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Congenital Heart Disease (ASD, PDA, PFO, VSD)
The Angle of the Heart Rotation in Normal and Pathological Contexts; Its Assessment During Coronary Angiography
Liliia Zulfatovna Usmanova1, Alexander Grigoryevich Osiev2, Irina Evgenievna Nikolaeva1, Igor V. Buzaev1, Lev Khadyevich Yuldybaev3
Republican Centre of Cardiovascular Diseases, Russian Federation1, MEDSI Clinical and Diagnostic Centre, Russian Federation2, Ufa State Oil Technical University, Russian Federation3
For the last three centuries, mechanical heart performance has remained one of the most enigmatic phenomena for the physiologists and clinicians studying this organ. R. Lower described the unique motion of the left ventricle (LV) twisting back in 1669. The British doctors, William Harvey (1578-1657) and Richard Lower (1631-1691) were first to describe the LV motion as ¡°... the wringing of a linen cloth to squeeze out the water¡±, and the physiological significance of this is increasingly recognized only nowadays. Experimental and clinical research on the left ventricle twisting involved the use of multiple methods such as implanted radiopaque markers, bipolar film-screen angiography, sonometry, optical instruments, gyro sensors, magnetic resonance imaging, and echocardiography. Furthermore, the increasing interest in quantitative evaluation of the LV bend under clinical conditions resulted in the development of innovative methods, which can easily identify LV bend in the patient¡¯s presence by ultrasound heart images in shades of gray. The growing data volume argues for the potential of LV rotation and twisting evaluation under clinical conditions [Takeuchi M., et al. 2006; Popescu B.A., et al.,2009; Mondillo S., et al., 2011; Victor Mor-Avi et al., 2015; Pavlyukova E.N. 2015].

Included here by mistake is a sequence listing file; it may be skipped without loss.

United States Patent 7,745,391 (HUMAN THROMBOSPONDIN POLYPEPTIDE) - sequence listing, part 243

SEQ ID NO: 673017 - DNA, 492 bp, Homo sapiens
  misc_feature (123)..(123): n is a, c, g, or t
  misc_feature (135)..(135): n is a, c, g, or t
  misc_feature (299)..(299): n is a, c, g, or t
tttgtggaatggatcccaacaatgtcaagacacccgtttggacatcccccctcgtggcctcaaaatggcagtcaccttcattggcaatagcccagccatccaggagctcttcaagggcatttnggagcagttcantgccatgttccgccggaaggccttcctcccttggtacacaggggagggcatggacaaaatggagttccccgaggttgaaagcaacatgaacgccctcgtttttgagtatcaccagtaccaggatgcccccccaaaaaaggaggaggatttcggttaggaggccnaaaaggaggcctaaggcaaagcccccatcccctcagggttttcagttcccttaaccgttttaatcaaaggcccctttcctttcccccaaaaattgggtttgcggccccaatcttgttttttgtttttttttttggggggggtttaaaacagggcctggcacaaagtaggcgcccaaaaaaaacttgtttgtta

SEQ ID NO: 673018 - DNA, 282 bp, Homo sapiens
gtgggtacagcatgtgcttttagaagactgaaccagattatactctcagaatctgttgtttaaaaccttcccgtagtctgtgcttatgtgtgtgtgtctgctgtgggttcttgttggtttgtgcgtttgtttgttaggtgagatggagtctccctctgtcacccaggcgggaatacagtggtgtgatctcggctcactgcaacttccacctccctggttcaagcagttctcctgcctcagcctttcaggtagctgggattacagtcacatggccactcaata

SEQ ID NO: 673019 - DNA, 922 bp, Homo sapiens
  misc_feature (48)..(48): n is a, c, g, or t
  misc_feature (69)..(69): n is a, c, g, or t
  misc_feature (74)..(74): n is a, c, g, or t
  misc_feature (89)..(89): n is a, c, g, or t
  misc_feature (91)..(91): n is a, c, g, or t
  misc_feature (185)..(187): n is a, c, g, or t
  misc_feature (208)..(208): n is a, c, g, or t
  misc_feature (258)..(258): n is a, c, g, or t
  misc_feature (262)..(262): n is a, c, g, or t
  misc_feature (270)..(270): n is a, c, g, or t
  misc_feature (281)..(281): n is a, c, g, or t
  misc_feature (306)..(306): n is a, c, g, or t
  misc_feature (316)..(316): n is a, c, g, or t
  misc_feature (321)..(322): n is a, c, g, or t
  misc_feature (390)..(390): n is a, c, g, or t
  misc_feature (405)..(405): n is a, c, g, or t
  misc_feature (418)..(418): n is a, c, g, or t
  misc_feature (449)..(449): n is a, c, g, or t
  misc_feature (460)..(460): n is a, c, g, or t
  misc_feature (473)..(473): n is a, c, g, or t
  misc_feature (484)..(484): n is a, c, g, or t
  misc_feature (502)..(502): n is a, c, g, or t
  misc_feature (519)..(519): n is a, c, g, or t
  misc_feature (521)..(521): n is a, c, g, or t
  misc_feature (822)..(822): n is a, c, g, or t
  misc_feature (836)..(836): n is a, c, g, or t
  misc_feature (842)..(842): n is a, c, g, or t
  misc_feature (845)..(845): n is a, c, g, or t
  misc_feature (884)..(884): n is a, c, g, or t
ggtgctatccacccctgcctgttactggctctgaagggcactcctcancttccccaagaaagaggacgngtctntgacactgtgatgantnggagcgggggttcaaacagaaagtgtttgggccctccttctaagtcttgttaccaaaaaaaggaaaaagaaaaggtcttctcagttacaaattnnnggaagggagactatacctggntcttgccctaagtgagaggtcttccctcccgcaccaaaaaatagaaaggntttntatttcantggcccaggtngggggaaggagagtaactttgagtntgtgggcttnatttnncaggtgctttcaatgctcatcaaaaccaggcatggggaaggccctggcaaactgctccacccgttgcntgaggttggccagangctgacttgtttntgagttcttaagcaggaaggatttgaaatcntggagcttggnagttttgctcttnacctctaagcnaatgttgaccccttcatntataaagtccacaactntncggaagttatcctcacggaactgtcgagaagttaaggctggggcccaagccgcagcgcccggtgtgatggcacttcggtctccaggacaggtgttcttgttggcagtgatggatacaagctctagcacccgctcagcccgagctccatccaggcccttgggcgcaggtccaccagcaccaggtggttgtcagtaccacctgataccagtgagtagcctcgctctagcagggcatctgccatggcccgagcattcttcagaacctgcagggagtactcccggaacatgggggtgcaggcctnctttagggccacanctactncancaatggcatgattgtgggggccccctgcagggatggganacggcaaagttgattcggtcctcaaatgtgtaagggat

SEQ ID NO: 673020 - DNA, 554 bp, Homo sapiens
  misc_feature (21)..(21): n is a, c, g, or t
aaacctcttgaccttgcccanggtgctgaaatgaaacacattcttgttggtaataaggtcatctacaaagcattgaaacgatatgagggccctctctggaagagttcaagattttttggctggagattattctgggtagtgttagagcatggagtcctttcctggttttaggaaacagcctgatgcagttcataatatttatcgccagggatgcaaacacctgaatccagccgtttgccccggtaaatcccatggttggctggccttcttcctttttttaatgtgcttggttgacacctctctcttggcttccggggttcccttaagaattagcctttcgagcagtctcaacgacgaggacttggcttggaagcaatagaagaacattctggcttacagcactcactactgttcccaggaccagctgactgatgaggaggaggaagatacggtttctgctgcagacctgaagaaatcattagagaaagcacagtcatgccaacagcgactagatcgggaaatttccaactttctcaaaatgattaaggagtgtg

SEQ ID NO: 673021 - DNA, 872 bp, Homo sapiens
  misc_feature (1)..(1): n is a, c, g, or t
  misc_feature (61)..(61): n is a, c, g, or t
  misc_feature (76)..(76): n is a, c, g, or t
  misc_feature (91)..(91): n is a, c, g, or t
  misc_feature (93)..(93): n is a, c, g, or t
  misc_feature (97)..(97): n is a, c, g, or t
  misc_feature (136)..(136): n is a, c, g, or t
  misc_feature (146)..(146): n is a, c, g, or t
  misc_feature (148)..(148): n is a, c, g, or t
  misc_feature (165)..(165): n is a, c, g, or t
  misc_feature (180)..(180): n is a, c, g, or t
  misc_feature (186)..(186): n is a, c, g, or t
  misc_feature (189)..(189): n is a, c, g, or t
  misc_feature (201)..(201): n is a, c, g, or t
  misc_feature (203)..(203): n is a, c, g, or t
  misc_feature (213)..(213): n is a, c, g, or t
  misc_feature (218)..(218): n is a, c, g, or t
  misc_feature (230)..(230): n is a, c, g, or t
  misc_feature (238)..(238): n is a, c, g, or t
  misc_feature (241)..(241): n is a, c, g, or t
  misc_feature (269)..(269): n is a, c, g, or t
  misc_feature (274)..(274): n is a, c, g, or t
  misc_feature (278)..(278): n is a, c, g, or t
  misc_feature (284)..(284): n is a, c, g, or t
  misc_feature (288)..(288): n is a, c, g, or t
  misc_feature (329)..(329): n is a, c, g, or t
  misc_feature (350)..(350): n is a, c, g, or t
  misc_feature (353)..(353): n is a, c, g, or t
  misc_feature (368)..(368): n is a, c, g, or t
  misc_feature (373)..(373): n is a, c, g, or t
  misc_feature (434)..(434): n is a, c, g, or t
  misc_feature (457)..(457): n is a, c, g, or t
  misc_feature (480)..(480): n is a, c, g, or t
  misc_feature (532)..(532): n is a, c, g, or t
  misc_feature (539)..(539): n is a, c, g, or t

The study includes 90 patients, aged from 30 to 71, for the parameters¡¯ evaluation of heart rotation mechanics. The subjects were divided into groups with dilated cardiomyopathy (DCM, n=30), left ventricular aneurysm (LVA, n=30), and patients with autonomic nervous system disorder (ANSD, n = 30) without heart failure (control group). The mechanics of heart rotation were studied using our method for early heart failure diagnosis. The method involves angiographic examination of coronary vessels and is distinguished by performing the coronary angiography in two projections. In the obtained images the following dot coordinates in systole and diastole are selected: 1) the coordinates of relatively fixed dots on the heart and on oblique projections; 2) the coordinates of the dots on the heart apex and on oblique projections; 3) the coordinates of the dots on the heart vessel at the initial and final moments (t1 and t2) on oblique projections. Then a heart rotation angle ϕ is calculated as the angle between two vectors, each of the vectors corresponding to the distance from B1 to O1A1 and the distance from B2 to O2A2, respectively.
The study revealed that statistically the DCM and LVA patients with chronic heart failure have a significantly lower heart rotation angle than the ANSD patients without heart diseases (p<0.05). The statistical comparison of the DCM and LVA groups displayed no significant differences in the rotation angle values (P=0.42). The normal values of heart rotation parameters were established: if =10.1¡¾1.9¡Æ (control norm in the range: 8.2¡Æ-12.0¡Æ), then myocardial dysfunction absence is determined; if <8.2¡Æ, then the presence of myocardial dysfunction is determined.
An evaluation technique of the heart rotational movement mechanics, based on mathematical calculations of the rotation angle by the dots movement on the heart surface, determined on the coronary angiogram in two projections, was developed. The left ventricle rotation angle, measured by our formula, decreases for patients with dilated cardiomyopathy and for patients with left ventricle aneurysm. Calculations of the left ventricle rotation angle changes can be potentially applied as an additional diagnostic criterion to determine the presence or absence of myocardium contractile dysfunction and to monitor the disease progression.
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